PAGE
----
On the other hand the key success feature of WoW is boosting. Morons and slackers complete non-trivial content carried by the mentioned competent casuals. If you allow a way out for them, they will take it. Without these competent casuals, the lolguilds will not be able to do anything besides the most trivial content and will experience a setback from their previous progression. Unless Blizzard can pull some rabbit out of the hat, they will either quit or demand so big nerfs that will make the content completable in days by competent players.


Torpid said...

I don't really see a problem with it. Everyone who wants to SEE a fight can just see it with LFR.

Of course, I don't raid to see fights, sure, executing a fight perfectly is fun in a way, but if I only want to do perfect my execution, I'd be spending more times in proving grounds. (As it is, I've only spent an hour or so getting gold, didn't even bother touching endless.)

Like many people, if I raided seriously, I'd be raiding for the PHAT LOOT. Sure, there's guilds out there who raid for progression, that is, the world/country/server first or whatever, but that takes a certain amount of dedication. Sure, it's nice to have REALM FIRST : BLAH BLAH BLAH Killed Hellscream or whatever, but how many people do you see running around checking out everyone's achievements?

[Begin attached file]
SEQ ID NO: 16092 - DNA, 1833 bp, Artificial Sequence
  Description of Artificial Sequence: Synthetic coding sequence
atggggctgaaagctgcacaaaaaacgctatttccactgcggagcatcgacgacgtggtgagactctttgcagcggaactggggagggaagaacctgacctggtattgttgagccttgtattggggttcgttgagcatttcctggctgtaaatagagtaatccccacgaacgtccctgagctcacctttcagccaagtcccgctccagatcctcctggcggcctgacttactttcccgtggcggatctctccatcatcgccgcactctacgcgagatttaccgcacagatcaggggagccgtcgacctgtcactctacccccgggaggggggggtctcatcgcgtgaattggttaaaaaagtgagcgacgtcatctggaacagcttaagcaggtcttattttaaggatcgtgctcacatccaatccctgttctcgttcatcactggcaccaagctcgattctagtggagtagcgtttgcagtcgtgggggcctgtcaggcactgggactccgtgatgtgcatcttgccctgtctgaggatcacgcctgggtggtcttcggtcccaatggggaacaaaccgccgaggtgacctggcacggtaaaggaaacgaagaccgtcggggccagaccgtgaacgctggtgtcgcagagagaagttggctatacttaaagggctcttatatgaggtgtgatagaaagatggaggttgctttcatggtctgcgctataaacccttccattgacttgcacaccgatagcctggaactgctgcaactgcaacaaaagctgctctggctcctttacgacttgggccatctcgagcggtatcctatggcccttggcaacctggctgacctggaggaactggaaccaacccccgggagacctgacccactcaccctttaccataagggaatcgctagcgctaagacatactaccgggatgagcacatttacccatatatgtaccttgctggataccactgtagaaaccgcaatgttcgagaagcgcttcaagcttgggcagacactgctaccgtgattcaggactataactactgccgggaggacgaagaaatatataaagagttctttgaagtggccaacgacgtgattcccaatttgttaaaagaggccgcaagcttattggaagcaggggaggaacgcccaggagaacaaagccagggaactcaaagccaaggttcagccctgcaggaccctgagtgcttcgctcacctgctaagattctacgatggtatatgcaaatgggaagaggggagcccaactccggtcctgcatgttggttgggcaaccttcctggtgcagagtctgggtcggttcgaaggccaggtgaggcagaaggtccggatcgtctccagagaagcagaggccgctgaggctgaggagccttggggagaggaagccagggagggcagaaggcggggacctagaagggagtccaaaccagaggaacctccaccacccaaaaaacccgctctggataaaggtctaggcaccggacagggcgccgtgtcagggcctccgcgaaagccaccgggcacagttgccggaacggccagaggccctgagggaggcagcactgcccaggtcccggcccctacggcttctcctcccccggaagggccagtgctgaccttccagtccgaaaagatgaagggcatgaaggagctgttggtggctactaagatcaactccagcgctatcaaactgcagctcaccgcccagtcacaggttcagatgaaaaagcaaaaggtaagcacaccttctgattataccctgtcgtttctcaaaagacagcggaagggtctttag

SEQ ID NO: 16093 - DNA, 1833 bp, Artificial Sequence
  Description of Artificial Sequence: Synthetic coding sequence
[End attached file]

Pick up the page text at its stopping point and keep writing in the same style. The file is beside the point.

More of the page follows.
Gear, on the other hand, takes mainly long a diligent effort. It differs from progression in that rather than racing against everyone else in the world/country/realm or whatever for the first kill, you're taking it at your own pace. As long as you down a boss before the next set of raids pop up, you'll have that heroic thunderforged Axe of +50 to awesomeness or whatever. Achievements aren't obvious, but having an weapon 20 ilvls higher than everyone else would be instantly apparent to anyone who inspects you.

Hell, if you have enough ilvls spread through your gear, they can tell just by looking at your hit points. Since better gear = more hit points.